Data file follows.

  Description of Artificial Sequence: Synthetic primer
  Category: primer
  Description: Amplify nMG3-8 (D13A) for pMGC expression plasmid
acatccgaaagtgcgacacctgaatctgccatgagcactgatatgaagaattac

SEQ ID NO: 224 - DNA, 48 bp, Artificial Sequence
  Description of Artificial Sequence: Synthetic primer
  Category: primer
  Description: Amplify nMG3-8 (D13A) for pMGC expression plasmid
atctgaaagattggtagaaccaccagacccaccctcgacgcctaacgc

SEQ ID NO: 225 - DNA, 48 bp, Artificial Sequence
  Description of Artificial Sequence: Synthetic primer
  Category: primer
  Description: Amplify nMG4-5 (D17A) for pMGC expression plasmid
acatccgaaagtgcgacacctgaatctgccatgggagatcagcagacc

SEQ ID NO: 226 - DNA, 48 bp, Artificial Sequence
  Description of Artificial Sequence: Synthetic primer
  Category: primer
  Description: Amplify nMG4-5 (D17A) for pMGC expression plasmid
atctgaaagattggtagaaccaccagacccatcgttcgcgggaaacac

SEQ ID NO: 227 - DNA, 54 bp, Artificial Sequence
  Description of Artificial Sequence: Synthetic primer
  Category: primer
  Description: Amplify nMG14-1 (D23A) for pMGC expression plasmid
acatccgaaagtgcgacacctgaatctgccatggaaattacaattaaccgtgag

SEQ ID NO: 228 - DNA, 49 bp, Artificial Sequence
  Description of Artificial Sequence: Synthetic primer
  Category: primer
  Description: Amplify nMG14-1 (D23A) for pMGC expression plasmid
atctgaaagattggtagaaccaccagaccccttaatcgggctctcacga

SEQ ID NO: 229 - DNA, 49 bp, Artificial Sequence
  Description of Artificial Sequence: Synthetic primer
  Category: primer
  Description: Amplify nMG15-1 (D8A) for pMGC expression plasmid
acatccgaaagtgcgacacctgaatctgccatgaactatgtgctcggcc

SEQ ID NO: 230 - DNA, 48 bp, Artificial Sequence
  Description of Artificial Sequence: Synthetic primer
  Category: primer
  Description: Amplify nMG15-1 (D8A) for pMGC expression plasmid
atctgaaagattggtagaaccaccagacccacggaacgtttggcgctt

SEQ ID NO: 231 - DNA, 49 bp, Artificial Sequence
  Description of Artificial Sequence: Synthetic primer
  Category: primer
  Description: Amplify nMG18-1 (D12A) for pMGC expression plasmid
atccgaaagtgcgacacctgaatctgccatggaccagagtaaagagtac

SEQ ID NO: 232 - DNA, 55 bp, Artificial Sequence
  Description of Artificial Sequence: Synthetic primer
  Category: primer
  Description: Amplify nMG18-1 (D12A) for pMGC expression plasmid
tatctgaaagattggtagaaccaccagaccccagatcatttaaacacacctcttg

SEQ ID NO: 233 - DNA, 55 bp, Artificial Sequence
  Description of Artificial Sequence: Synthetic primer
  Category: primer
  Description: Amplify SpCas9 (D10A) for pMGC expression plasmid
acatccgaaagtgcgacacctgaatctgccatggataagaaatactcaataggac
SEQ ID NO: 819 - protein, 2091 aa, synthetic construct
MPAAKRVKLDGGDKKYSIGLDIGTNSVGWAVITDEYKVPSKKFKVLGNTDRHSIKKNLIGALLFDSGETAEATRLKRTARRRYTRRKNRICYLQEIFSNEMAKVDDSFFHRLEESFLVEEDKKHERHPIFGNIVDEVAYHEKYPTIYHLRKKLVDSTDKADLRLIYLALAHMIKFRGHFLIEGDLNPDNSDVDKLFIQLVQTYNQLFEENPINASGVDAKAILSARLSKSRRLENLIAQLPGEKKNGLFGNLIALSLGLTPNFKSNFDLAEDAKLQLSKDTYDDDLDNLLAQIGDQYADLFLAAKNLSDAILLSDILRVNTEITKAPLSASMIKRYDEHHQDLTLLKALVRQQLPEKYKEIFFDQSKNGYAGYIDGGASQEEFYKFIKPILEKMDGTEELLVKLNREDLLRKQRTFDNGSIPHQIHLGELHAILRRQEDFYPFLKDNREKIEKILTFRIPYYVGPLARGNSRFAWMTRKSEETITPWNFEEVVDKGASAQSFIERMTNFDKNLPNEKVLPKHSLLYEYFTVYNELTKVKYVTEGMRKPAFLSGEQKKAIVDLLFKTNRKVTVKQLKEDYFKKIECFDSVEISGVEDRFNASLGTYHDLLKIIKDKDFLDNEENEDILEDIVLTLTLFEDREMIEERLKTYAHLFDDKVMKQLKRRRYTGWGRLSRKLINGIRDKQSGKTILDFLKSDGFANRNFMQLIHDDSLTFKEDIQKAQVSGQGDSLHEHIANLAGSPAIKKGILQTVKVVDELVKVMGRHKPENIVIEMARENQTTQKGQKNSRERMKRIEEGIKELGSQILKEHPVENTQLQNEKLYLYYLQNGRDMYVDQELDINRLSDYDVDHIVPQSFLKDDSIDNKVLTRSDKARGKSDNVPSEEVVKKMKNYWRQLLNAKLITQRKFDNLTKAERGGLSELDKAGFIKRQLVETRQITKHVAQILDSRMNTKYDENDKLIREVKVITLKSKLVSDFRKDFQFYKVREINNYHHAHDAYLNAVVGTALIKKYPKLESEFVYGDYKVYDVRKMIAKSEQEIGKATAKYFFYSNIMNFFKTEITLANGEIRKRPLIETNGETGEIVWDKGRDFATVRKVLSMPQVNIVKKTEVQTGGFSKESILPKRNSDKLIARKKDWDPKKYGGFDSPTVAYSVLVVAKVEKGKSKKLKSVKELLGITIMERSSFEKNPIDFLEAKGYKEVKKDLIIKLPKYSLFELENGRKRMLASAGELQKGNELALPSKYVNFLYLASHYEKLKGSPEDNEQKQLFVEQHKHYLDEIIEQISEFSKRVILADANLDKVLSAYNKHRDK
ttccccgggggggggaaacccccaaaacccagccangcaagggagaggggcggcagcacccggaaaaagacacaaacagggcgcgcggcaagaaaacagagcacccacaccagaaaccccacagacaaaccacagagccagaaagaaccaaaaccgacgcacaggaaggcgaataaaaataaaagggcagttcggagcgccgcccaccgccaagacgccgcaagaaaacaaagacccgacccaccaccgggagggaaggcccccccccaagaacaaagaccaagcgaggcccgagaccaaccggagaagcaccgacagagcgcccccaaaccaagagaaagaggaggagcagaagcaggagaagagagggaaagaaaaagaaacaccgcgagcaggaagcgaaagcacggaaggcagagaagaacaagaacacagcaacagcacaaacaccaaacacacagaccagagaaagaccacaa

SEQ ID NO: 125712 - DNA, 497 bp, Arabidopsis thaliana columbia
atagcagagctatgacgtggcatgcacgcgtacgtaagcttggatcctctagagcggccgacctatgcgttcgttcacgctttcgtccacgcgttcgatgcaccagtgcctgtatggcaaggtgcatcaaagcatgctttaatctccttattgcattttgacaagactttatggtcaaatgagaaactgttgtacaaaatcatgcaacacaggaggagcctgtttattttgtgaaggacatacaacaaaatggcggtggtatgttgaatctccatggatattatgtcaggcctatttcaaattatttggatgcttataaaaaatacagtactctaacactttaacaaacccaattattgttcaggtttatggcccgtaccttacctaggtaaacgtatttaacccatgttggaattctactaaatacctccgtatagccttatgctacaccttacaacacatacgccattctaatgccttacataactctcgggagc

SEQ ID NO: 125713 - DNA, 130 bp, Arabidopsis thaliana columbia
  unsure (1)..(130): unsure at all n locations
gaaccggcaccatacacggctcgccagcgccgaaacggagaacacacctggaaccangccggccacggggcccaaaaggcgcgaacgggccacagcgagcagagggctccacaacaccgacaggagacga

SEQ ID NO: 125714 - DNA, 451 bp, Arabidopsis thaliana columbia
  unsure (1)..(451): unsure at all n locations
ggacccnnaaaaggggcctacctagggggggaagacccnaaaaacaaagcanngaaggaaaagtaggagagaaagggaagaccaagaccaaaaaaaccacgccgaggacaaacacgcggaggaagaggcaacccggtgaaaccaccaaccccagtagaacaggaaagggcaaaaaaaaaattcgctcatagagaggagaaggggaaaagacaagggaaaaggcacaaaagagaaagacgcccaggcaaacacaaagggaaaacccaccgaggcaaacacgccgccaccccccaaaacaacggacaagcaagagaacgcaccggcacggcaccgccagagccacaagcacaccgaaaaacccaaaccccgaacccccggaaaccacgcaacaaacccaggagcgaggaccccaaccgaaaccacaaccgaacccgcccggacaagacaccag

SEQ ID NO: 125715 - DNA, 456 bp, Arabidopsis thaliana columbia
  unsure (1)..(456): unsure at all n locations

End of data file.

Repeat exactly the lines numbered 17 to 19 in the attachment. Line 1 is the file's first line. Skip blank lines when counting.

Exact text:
  Category: primer
  Description: Amplify nMG4-5 (D17A) for pMGC expression plasmid
atctgaaagattggtagaaccaccagacccatcgttcgcgggaaacac